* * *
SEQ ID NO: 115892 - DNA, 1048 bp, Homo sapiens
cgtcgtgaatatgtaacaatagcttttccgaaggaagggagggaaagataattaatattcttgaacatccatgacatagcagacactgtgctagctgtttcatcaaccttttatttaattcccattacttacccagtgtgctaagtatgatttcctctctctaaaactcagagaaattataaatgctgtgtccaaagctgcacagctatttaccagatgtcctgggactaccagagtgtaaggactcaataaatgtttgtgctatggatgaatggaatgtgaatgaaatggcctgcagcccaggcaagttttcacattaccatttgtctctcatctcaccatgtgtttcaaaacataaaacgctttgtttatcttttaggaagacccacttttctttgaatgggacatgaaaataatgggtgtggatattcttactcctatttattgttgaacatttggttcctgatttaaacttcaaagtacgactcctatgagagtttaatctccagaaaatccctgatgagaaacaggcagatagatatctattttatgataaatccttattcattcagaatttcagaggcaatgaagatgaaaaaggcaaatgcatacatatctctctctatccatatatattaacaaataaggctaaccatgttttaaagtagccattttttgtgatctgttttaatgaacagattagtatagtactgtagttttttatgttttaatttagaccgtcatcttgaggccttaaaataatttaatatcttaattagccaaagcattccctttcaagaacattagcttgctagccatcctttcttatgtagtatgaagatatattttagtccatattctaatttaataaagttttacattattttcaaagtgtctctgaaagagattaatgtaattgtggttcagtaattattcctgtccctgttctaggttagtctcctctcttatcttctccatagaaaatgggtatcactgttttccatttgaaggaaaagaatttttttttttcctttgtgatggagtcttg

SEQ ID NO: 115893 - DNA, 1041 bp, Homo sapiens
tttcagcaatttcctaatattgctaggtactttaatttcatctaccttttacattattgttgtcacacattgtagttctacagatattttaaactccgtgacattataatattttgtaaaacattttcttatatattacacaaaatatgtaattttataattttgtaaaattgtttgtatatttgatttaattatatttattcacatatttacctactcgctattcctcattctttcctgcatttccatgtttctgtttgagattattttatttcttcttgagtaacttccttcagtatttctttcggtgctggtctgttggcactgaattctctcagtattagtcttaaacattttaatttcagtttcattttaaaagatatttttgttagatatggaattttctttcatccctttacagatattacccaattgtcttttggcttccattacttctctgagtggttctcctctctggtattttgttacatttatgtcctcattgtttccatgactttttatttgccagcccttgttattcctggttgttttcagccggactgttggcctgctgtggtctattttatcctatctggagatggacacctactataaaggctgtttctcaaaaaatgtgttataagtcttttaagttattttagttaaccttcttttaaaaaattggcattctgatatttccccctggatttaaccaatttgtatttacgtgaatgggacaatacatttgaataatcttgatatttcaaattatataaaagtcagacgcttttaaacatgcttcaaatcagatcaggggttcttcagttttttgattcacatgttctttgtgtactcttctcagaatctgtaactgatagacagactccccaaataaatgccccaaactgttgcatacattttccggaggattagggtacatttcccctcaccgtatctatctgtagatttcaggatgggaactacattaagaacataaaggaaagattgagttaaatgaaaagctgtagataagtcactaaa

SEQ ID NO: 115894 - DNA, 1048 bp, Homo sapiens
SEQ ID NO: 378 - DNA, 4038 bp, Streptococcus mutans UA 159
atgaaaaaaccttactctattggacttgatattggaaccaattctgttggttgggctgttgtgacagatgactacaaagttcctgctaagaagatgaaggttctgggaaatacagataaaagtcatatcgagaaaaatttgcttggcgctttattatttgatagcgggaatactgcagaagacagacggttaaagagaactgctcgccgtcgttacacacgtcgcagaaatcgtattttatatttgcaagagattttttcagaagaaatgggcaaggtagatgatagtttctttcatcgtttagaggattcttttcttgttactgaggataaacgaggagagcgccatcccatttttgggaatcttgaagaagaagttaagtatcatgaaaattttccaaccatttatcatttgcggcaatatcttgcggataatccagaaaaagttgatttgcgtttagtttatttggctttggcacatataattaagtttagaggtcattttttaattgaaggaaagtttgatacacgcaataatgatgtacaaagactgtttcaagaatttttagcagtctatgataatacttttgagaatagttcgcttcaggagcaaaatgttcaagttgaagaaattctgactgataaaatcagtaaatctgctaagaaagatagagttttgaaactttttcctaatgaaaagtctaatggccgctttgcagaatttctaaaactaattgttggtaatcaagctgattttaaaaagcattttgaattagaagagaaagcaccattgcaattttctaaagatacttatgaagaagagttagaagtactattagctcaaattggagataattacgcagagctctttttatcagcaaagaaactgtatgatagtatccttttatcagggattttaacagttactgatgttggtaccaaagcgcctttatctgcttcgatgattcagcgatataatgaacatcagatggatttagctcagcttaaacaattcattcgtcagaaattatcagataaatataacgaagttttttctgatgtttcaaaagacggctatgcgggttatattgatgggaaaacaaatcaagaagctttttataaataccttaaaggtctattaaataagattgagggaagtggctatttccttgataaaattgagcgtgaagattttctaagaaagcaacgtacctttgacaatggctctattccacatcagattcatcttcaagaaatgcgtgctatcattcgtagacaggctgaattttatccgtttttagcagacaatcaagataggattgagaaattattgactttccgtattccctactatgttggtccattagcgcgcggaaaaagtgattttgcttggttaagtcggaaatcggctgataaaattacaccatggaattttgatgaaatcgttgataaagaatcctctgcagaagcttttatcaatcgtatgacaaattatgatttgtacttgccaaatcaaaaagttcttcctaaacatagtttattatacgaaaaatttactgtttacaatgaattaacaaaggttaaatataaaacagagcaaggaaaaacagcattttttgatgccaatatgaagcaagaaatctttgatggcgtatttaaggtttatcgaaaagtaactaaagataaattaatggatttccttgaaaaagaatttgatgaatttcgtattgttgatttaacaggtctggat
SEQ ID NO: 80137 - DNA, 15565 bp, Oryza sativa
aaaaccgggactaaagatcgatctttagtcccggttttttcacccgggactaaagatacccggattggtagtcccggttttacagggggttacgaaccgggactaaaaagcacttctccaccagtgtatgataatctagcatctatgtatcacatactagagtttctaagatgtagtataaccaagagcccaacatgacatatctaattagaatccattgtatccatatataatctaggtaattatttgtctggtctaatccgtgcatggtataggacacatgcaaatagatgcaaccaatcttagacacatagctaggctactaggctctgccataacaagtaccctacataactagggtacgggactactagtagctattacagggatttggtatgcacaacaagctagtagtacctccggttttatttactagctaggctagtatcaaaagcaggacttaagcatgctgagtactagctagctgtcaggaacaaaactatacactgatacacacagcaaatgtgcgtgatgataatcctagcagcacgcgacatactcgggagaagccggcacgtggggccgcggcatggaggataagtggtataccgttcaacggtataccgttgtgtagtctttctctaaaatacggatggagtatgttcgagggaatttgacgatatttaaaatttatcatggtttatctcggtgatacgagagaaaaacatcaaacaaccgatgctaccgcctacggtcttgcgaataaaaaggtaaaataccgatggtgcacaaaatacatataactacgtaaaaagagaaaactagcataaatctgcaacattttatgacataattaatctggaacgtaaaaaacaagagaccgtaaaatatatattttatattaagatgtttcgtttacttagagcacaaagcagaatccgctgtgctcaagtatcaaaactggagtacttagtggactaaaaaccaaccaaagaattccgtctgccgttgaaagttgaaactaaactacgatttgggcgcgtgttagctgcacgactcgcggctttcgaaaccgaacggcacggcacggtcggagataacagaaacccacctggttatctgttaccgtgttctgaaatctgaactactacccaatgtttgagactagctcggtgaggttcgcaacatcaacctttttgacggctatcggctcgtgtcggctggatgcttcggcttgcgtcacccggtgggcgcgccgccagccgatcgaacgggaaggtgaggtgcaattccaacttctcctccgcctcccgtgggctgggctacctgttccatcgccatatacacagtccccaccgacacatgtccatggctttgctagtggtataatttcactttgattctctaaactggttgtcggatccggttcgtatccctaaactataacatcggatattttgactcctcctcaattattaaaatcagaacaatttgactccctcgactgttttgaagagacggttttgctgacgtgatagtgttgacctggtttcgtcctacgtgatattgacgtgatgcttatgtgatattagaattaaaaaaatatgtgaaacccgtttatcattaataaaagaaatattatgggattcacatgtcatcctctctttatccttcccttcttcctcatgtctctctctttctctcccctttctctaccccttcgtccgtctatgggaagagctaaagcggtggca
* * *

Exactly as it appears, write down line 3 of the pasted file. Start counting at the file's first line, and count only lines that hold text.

SEQ ID NO: 115893 - DNA, 1041 bp, Homo sapiens